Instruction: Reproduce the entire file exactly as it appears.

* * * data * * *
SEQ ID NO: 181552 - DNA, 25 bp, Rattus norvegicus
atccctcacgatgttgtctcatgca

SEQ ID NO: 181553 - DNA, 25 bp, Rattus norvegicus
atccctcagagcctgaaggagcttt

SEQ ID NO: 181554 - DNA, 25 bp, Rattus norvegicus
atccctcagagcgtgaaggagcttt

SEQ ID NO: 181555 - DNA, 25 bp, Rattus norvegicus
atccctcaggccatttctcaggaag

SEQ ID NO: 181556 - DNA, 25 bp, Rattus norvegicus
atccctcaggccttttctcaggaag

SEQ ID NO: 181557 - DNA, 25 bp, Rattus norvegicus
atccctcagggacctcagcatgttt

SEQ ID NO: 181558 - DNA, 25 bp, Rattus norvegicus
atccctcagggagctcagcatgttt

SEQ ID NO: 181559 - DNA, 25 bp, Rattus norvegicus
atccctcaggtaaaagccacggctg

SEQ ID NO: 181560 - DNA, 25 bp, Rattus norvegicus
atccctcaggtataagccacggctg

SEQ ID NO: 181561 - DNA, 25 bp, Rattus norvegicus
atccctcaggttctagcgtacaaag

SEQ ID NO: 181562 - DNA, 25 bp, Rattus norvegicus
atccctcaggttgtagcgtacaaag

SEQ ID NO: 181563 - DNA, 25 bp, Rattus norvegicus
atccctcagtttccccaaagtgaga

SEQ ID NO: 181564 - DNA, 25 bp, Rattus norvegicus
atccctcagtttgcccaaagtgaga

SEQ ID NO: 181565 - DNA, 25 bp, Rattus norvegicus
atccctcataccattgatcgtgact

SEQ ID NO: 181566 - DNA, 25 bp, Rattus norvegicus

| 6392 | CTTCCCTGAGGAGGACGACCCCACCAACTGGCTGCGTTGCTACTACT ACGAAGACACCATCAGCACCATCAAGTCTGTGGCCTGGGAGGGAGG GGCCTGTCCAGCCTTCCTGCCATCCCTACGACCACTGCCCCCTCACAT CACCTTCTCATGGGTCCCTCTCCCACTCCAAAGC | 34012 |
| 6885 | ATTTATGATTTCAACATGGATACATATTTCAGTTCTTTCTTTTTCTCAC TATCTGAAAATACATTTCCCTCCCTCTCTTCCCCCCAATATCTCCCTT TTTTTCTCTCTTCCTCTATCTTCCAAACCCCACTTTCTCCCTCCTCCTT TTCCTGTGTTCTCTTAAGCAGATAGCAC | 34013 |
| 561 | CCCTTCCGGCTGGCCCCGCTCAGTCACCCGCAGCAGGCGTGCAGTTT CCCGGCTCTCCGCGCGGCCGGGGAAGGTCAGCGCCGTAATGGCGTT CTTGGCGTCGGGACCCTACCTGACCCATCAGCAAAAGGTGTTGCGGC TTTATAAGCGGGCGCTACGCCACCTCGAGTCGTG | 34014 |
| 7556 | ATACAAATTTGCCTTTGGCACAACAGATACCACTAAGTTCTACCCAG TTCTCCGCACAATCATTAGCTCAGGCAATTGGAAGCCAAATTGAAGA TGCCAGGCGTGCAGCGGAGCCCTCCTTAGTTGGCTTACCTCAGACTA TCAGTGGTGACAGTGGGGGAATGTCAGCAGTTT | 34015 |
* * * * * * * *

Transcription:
SEQ ID NO: 181552 - DNA, 25 bp, Rattus norvegicus
atccctcacgatgttgtctcatgca

SEQ ID NO: 181553 - DNA, 25 bp, Rattus norvegicus
atccctcagagcctgaaggagcttt

SEQ ID NO: 181554 - DNA, 25 bp, Rattus norvegicus
atccctcagagcgtgaaggagcttt

SEQ ID NO: 181555 - DNA, 25 bp, Rattus norvegicus
atccctcaggccatttctcaggaag

SEQ ID NO: 181556 - DNA, 25 bp, Rattus norvegicus
atccctcaggccttttctcaggaag

SEQ ID NO: 181557 - DNA, 25 bp, Rattus norvegicus
atccctcagggacctcagcatgttt

SEQ ID NO: 181558 - DNA, 25 bp, Rattus norvegicus
atccctcagggagctcagcatgttt

SEQ ID NO: 181559 - DNA, 25 bp, Rattus norvegicus
atccctcaggtaaaagccacggctg

SEQ ID NO: 181560 - DNA, 25 bp, Rattus norvegicus
atccctcaggtataagccacggctg

SEQ ID NO: 181561 - DNA, 25 bp, Rattus norvegicus
atccctcaggttctagcgtacaaag

SEQ ID NO: 181562 - DNA, 25 bp, Rattus norvegicus
atccctcaggttgtagcgtacaaag

SEQ ID NO: 181563 - DNA, 25 bp, Rattus norvegicus
atccctcagtttccccaaagtgaga

SEQ ID NO: 181564 - DNA, 25 bp, Rattus norvegicus
atccctcagtttgcccaaagtgaga

SEQ ID NO: 181565 - DNA, 25 bp, Rattus norvegicus
atccctcataccattgatcgtgact

SEQ ID NO: 181566 - DNA, 25 bp, Rattus norvegicus

| 6392 | CTTCCCTGAGGAGGACGACCCCACCAACTGGCTGCGTTGCTACTACT ACGAAGACACCATCAGCACCATCAAGTCTGTGGCCTGGGAGGGAGG GGCCTGTCCAGCCTTCCTGCCATCCCTACGACCACTGCCCCCTCACAT CACCTTCTCATGGGTCCCTCTCCCACTCCAAAGC | 34012 |
| 6885 | ATTTATGATTTCAACATGGATACATATTTCAGTTCTTTCTTTTTCTCAC TATCTGAAAATACATTTCCCTCCCTCTCTTCCCCCCAATATCTCCCTT TTTTTCTCTCTTCCTCTATCTTCCAAACCCCACTTTCTCCCTCCTCCTT TTCCTGTGTTCTCTTAAGCAGATAGCAC | 34013 |
| 561 | CCCTTCCGGCTGGCCCCGCTCAGTCACCCGCAGCAGGCGTGCAGTTT CCCGGCTCTCCGCGCGGCCGGGGAAGGTCAGCGCCGTAATGGCGTT CTTGGCGTCGGGACCCTACCTGACCCATCAGCAAAAGGTGTTGCGGC TTTATAAGCGGGCGCTACGCCACCTCGAGTCGTG | 34014 |
| 7556 | ATACAAATTTGCCTTTGGCACAACAGATACCACTAAGTTCTACCCAG TTCTCCGCACAATCATTAGCTCAGGCAATTGGAAGCCAAATTGAAGA TGCCAGGCGTGCAGCGGAGCCCTCCTTAGTTGGCTTACCTCAGACTA TCAGTGGTGACAGTGGGGGAATGTCAGCAGTTT | 34015 |